Narbis smart glasses use neurofeedback at home to train your brain to focus, and eventually learn to concentrate on demand. Sensors in the Narbis glasses and a NASA-patented algorithm track how relaxed, distracted, and focused you are to help the brain practice focus and attention.
How it works: With Narbis, worn 2-3 times a week for 30 minutes while working on a computer or reading, the lenses darken when the sensor detects the wearer is getting distracted. When the wearer focuses back on the task at hand, the lenses return to their normal tint.
Why it’s a breakthrough: Novel Feedback Mechanism for Neurofeedback: One of the biggest shortcomings of previous neurofeedback technologies has been their inability to be used in real-life situations since many of them require the user to stop what they’re doing and stare at a screen.
In other words, you could either use a neurofeedback tool or work at a computer — but not both at the same time.
Narbis, on the other hand, brings neurofeedback into real-life activities, allowing you to practice attention within the context of your daily life — like reading the latest headlines or Slacking with a colleague
This is important because it allows practicing attention during the activities that are most relevant.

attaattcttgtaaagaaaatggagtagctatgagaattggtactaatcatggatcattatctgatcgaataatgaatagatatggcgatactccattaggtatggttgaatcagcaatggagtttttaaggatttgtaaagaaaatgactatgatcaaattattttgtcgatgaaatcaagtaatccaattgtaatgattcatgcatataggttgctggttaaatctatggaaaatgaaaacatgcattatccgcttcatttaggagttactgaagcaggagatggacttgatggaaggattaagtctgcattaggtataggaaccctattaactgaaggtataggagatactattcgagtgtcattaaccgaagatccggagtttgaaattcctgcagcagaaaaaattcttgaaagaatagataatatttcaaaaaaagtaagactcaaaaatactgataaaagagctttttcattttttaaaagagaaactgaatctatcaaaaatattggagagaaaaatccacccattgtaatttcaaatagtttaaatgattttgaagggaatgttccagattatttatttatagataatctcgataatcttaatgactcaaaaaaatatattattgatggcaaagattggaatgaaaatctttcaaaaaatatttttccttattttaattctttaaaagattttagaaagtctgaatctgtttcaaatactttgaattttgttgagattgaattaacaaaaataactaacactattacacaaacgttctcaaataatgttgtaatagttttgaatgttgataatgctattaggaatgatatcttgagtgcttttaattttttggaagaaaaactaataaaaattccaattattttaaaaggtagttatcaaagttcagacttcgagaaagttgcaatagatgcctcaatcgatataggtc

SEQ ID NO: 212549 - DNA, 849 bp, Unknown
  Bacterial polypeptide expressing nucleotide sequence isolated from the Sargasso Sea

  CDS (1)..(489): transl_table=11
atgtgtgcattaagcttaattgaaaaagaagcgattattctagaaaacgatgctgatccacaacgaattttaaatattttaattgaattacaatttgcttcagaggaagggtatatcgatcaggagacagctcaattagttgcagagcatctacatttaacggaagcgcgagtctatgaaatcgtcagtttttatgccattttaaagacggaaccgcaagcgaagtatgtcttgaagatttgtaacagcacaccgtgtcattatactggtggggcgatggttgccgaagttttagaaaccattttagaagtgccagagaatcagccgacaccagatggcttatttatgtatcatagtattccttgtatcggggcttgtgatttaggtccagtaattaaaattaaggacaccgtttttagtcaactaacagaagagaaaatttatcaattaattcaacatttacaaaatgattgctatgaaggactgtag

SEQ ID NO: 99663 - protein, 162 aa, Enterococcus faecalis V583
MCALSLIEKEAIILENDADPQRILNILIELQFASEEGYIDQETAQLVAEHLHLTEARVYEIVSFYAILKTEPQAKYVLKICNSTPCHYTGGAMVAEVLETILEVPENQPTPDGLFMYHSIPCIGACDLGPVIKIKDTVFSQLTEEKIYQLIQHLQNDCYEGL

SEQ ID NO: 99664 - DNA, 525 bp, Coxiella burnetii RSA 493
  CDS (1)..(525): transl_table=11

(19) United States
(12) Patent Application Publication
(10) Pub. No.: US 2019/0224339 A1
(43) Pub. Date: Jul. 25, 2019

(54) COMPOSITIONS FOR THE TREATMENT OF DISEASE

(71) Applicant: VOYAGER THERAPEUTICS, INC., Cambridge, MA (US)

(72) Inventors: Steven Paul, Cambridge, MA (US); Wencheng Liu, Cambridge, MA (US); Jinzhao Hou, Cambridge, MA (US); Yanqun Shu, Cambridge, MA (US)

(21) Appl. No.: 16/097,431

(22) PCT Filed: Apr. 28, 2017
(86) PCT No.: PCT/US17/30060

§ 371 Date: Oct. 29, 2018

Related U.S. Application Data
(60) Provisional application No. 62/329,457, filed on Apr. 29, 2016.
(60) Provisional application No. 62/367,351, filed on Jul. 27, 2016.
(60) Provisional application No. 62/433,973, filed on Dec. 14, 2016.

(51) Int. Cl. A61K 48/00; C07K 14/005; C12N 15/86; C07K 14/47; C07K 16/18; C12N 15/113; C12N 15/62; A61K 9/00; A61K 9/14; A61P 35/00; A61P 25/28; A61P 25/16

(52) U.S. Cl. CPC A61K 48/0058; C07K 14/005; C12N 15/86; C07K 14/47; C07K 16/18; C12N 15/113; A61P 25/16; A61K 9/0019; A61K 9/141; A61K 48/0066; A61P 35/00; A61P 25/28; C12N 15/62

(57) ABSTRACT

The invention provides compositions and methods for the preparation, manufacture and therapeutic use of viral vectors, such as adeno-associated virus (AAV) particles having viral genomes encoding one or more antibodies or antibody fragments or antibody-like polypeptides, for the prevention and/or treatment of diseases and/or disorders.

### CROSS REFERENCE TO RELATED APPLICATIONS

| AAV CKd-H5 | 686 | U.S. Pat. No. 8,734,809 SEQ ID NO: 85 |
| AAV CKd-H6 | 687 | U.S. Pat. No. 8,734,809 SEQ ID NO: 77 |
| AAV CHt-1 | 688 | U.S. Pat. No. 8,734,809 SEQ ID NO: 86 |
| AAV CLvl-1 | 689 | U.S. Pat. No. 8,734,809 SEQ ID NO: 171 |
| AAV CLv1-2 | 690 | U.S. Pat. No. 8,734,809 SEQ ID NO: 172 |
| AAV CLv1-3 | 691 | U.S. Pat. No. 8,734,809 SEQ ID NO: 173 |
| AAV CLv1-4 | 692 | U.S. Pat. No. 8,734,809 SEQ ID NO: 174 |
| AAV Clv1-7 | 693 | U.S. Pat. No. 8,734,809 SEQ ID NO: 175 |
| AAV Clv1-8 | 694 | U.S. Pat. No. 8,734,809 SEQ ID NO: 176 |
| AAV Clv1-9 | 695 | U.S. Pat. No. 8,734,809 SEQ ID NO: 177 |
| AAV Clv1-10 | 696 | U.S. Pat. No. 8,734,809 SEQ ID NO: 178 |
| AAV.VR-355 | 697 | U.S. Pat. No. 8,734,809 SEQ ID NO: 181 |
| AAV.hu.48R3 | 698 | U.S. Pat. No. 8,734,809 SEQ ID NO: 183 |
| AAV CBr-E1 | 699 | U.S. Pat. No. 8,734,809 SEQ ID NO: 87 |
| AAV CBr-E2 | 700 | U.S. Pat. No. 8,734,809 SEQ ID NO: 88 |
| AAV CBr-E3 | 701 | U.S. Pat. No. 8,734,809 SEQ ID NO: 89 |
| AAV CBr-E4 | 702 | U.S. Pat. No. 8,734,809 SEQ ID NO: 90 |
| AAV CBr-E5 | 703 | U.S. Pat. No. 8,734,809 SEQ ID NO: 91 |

Eventually, after neurofeedback training with Narbis, your brain will learn to focus at will.
Narbis smart glassses are available for $690
The plastic parts that comprise the frame are manufactured using HP Multi Jet Fusion 3D printing technology in Nylon PA-12, a bio-compatible material. Custom electornic boards that contain Analog to Digital converter, processor, and bluetooth radio have been designed are manufactured by a 3rd part assembling house.
Custom EEG sensors have been designed and are being manufactured by a neuroscience company based in France. All of the components are assembled in-house at our headquarters in Ambler, Pennsylvania.
Narbis Smart Glasses may be worn over your existing prescription or reading eyeglasses if needed.
For kids with ADHD, or those kids who simply have trouble focusing, spending time away from the structure of a classroom environment can exacerbate attention issues. How can teachers and parents help?
Video games claiming to treat ADHD are hitting the market, but are coming under fire for making misleading claims. Medication comes with its own concerns over side effects.
Narbis presents a novel, non-drug option. Its at-home smart glasses use neurofeedback to measure brain activity and help kids with attention disorders.